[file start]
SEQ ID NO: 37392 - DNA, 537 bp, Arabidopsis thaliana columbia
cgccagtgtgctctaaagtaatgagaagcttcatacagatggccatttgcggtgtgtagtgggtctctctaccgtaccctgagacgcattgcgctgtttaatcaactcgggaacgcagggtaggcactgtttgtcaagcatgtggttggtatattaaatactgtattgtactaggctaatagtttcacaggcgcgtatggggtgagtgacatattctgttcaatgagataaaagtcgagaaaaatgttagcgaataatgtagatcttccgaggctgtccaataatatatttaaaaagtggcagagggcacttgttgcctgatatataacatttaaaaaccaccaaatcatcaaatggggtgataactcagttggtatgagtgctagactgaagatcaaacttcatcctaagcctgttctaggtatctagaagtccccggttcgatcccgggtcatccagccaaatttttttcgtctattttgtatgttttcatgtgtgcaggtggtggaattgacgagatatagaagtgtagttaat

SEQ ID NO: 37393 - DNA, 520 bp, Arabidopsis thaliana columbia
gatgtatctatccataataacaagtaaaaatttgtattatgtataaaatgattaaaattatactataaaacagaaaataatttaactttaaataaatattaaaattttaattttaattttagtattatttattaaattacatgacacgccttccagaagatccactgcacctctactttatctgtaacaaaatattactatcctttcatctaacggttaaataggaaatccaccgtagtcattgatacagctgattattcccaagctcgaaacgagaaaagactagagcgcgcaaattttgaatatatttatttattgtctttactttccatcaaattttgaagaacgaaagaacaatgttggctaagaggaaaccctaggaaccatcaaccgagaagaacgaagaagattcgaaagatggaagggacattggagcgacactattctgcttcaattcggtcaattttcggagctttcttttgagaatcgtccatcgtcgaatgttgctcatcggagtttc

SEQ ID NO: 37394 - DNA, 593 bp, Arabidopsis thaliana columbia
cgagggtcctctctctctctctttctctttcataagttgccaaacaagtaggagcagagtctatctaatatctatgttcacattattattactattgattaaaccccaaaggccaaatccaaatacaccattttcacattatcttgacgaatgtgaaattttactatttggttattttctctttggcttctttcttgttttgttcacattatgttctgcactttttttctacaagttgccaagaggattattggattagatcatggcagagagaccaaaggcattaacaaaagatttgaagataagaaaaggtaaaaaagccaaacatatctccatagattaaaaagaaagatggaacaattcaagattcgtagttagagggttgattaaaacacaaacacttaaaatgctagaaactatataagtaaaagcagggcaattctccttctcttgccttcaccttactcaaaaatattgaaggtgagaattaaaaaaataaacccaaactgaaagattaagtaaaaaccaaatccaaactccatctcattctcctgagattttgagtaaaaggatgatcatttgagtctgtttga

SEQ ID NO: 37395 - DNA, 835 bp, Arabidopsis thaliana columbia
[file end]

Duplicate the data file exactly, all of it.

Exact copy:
SEQ ID NO: 37392 - DNA, 537 bp, Arabidopsis thaliana columbia
cgccagtgtgctctaaagtaatgagaagcttcatacagatggccatttgcggtgtgtagtgggtctctctaccgtaccctgagacgcattgcgctgtttaatcaactcgggaacgcagggtaggcactgtttgtcaagcatgtggttggtatattaaatactgtattgtactaggctaatagtttcacaggcgcgtatggggtgagtgacatattctgttcaatgagataaaagtcgagaaaaatgttagcgaataatgtagatcttccgaggctgtccaataatatatttaaaaagtggcagagggcacttgttgcctgatatataacatttaaaaaccaccaaatcatcaaatggggtgataactcagttggtatgagtgctagactgaagatcaaacttcatcctaagcctgttctaggtatctagaagtccccggttcgatcccgggtcatccagccaaatttttttcgtctattttgtatgttttcatgtgtgcaggtggtggaattgacgagatatagaagtgtagttaat

SEQ ID NO: 37393 - DNA, 520 bp, Arabidopsis thaliana columbia
gatgtatctatccataataacaagtaaaaatttgtattatgtataaaatgattaaaattatactataaaacagaaaataatttaactttaaataaatattaaaattttaattttaattttagtattatttattaaattacatgacacgccttccagaagatccactgcacctctactttatctgtaacaaaatattactatcctttcatctaacggttaaataggaaatccaccgtagtcattgatacagctgattattcccaagctcgaaacgagaaaagactagagcgcgcaaattttgaatatatttatttattgtctttactttccatcaaattttgaagaacgaaagaacaatgttggctaagaggaaaccctaggaaccatcaaccgagaagaacgaagaagattcgaaagatggaagggacattggagcgacactattctgcttcaattcggtcaattttcggagctttcttttgagaatcgtccatcgtcgaatgttgctcatcggagtttc

SEQ ID NO: 37394 - DNA, 593 bp, Arabidopsis thaliana columbia
cgagggtcctctctctctctctttctctttcataagttgccaaacaagtaggagcagagtctatctaatatctatgttcacattattattactattgattaaaccccaaaggccaaatccaaatacaccattttcacattatcttgacgaatgtgaaattttactatttggttattttctctttggcttctttcttgttttgttcacattatgttctgcactttttttctacaagttgccaagaggattattggattagatcatggcagagagaccaaaggcattaacaaaagatttgaagataagaaaaggtaaaaaagccaaacatatctccatagattaaaaagaaagatggaacaattcaagattcgtagttagagggttgattaaaacacaaacacttaaaatgctagaaactatataagtaaaagcagggcaattctccttctcttgccttcaccttactcaaaaatattgaaggtgagaattaaaaaaataaacccaaactgaaagattaagtaaaaaccaaatccaaactccatctcattctcctgagattttgagtaaaaggatgatcatttgagtctgtttga

SEQ ID NO: 37395 - DNA, 835 bp, Arabidopsis thaliana columbia